Economists have understood this point for about seven decades. In 1937, an economist named Ronald Coase published a paper in which he reasoned that private bargaining by individuals can reduce so-called “external” costs regardless of how property rights are distributed. But, as he recognized, this theory only works as long as “transaction costs” are negligible.

“External costs” are ones external to the marketplace. They include things like poor health care, pollution, decaying infrastructure, etc. That is, they are the major impediments to the “good life” in our modern globalized society. “Transaction costs” are things that make “bargaining” among large numbers of people difficult or impossible, like our continuing gridlock in Congress.

Coase understood that only when transaction costs are small can a system of private bargaining based on individualism and individual rights work to control external costs. Otherwise, everyone will increase those costs in pursuing his or her own self-interest, just as we have done with health care and did with pollution before we tried regulation and discovered cap and trade. This key insight into the relationship between external costs and bargaining costs is known as “Coase’s Theorem.” In 1991, Coase won the Nobel Prize in economics, in part for its discovery.

A corollary of Coase’s Theorem—that external costs are hard to address when there is gridlock—may ring the death knell for our society. For according to media analysis, many independents voted for Scott Brown because they wanted to increase transaction costs and make it hard for Congress to do anything. They so distrusted our entire political system as to blame our present sorry state equally on Democrats and Republicans, despite the fact that the latter have governed us for all but a fraction of the last forty years.

Coase’s Theorem is a just modern, analytically sophisticated twist on an ancient theme: the tension between the desires of individuals and the needs of society. That theme goes back at least to the Bible, from which that wonderful verse in Handel’s Messiah comes: “Oh we like sheep, have gone astray-ay-ay-ay . . . every one to his own way.” De Toqueville mused upon the same theme in 1835, in his famous book “Democracy in America.”

At that time, the world was just emerging from an era in which kings (occasionally queens), emperors and other monarchs and despots ruled. When they ruled wisely and in the public interest, their societies flourished. When they ruled stupidly or in their own selfish interest, their societies languished or decayed. De Tocqueville wondered how replacing a monarch with rule by the whole people would work when all of them went their own ways.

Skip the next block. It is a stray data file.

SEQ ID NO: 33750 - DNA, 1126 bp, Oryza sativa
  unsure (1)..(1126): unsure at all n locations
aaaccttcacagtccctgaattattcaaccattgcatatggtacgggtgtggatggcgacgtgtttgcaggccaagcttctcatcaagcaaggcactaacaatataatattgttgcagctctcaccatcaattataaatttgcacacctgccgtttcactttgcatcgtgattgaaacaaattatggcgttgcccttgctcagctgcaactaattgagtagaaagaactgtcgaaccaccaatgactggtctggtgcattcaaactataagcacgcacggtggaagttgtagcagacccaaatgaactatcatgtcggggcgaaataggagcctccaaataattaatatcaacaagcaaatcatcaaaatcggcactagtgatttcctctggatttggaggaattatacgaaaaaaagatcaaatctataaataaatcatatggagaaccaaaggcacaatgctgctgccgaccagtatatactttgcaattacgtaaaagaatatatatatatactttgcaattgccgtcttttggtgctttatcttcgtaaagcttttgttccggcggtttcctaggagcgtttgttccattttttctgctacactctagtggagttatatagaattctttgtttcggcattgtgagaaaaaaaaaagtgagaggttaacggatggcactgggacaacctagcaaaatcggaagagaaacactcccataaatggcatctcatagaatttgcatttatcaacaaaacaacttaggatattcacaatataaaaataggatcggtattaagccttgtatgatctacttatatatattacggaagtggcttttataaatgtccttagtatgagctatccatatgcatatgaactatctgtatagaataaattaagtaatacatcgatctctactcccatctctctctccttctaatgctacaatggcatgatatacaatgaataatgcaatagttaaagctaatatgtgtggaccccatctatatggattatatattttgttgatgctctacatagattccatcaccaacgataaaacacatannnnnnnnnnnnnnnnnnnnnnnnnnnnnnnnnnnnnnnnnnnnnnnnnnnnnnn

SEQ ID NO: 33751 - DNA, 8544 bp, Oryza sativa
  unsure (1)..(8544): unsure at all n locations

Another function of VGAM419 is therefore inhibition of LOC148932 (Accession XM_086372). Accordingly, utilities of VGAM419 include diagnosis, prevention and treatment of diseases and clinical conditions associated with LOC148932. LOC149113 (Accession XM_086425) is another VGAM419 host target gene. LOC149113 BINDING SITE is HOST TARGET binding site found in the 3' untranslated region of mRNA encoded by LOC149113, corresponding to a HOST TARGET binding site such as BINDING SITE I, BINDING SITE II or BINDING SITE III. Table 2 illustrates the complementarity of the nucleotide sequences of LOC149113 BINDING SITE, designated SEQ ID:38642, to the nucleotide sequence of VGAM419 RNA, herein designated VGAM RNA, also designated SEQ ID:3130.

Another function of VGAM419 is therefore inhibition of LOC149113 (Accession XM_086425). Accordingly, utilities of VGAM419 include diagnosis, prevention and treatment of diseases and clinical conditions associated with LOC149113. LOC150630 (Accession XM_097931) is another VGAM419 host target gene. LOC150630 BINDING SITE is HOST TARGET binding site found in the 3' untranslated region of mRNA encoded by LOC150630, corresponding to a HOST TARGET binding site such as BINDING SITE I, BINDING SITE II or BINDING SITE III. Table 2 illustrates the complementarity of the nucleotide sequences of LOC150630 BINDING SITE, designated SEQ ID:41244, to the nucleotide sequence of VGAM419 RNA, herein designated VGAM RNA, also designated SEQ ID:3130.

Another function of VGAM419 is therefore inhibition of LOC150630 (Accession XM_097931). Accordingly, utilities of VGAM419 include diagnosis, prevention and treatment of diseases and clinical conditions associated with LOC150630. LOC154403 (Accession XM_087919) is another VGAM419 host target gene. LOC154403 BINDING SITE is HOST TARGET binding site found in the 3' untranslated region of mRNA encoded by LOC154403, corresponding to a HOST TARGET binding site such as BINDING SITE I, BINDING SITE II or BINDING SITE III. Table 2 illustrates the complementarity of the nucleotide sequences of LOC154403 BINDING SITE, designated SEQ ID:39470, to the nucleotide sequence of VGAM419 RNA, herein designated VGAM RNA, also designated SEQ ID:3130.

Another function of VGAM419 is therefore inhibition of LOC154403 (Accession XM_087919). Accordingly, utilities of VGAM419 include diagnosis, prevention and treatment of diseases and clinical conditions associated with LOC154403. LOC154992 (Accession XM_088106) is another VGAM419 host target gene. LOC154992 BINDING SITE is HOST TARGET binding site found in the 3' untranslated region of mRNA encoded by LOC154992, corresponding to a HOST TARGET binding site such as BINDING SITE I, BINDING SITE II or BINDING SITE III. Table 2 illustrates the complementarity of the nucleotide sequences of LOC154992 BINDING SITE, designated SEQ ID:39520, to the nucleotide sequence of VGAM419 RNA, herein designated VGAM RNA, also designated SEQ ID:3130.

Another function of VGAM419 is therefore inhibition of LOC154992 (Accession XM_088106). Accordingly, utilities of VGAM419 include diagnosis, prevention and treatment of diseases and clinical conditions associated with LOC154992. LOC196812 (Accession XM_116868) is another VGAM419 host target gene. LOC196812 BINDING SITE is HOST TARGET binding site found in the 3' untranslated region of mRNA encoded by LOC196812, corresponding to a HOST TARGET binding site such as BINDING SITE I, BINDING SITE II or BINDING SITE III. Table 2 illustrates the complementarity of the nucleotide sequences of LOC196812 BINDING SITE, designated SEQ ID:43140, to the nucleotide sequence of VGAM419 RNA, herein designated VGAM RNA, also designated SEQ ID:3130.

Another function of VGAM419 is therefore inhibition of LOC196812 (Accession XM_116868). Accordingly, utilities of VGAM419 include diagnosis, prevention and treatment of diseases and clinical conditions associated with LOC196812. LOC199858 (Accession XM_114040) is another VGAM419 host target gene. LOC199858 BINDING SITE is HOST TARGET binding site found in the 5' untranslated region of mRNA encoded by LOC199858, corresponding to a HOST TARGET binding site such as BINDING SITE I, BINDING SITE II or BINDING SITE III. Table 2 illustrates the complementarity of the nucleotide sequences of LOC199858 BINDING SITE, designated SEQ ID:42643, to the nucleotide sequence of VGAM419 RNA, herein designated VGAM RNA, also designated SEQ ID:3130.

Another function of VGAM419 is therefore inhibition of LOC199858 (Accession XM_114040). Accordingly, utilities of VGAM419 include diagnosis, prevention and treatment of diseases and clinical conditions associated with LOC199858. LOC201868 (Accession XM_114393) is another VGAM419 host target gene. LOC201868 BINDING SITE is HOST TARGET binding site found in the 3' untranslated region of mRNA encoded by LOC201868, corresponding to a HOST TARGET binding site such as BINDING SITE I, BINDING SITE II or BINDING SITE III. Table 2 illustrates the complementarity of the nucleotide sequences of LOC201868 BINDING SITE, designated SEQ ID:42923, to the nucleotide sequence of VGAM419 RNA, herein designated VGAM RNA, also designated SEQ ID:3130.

No one has ever answered that question satisfactorily. The short history of our own nation—especially recent history—suggests that our brand of democracy may mutate into a form of “soft” oligarchy. A class of wealthier, better-educated and less public-spirited people may perpetuate their own advantage by convincing the rest that their supremacy gives the rest better opportunities for the future. The only notable progress that we seem to have made since the Gilded Age is that the dominant social class is no longer so heavily based on race.

Today’s Supreme Court ruling allowing both corporations and unions (guess which have more money!) to spend more freely on political “speech” will only entrench that oligarchy. Whether our government will still resemble a democracy in fifty years is anyone’s guess.

As for the gridlock in Congress, it will continue and increase. Both Congress and our Supreme Court continue to be deeply divided. So for the foreseeable future, our representative “democracy” will continue to degenerate into another form of “soft” oligarchy, in which a vanishing breed of “moderates” and “centrists” like the two female senators from Maine, Ben Nelson (D., Neb.) and Justice Anthony Kennedy fix our fate.

God help us if these oligarchs-by-default are not both smart and wise. We are in a race with “hard” oligarchs—the technocrats of modern China. They seem far smarter than our average politician, let alone John Boehner. So at the moment, our prospects for winning are not particularly encouraging.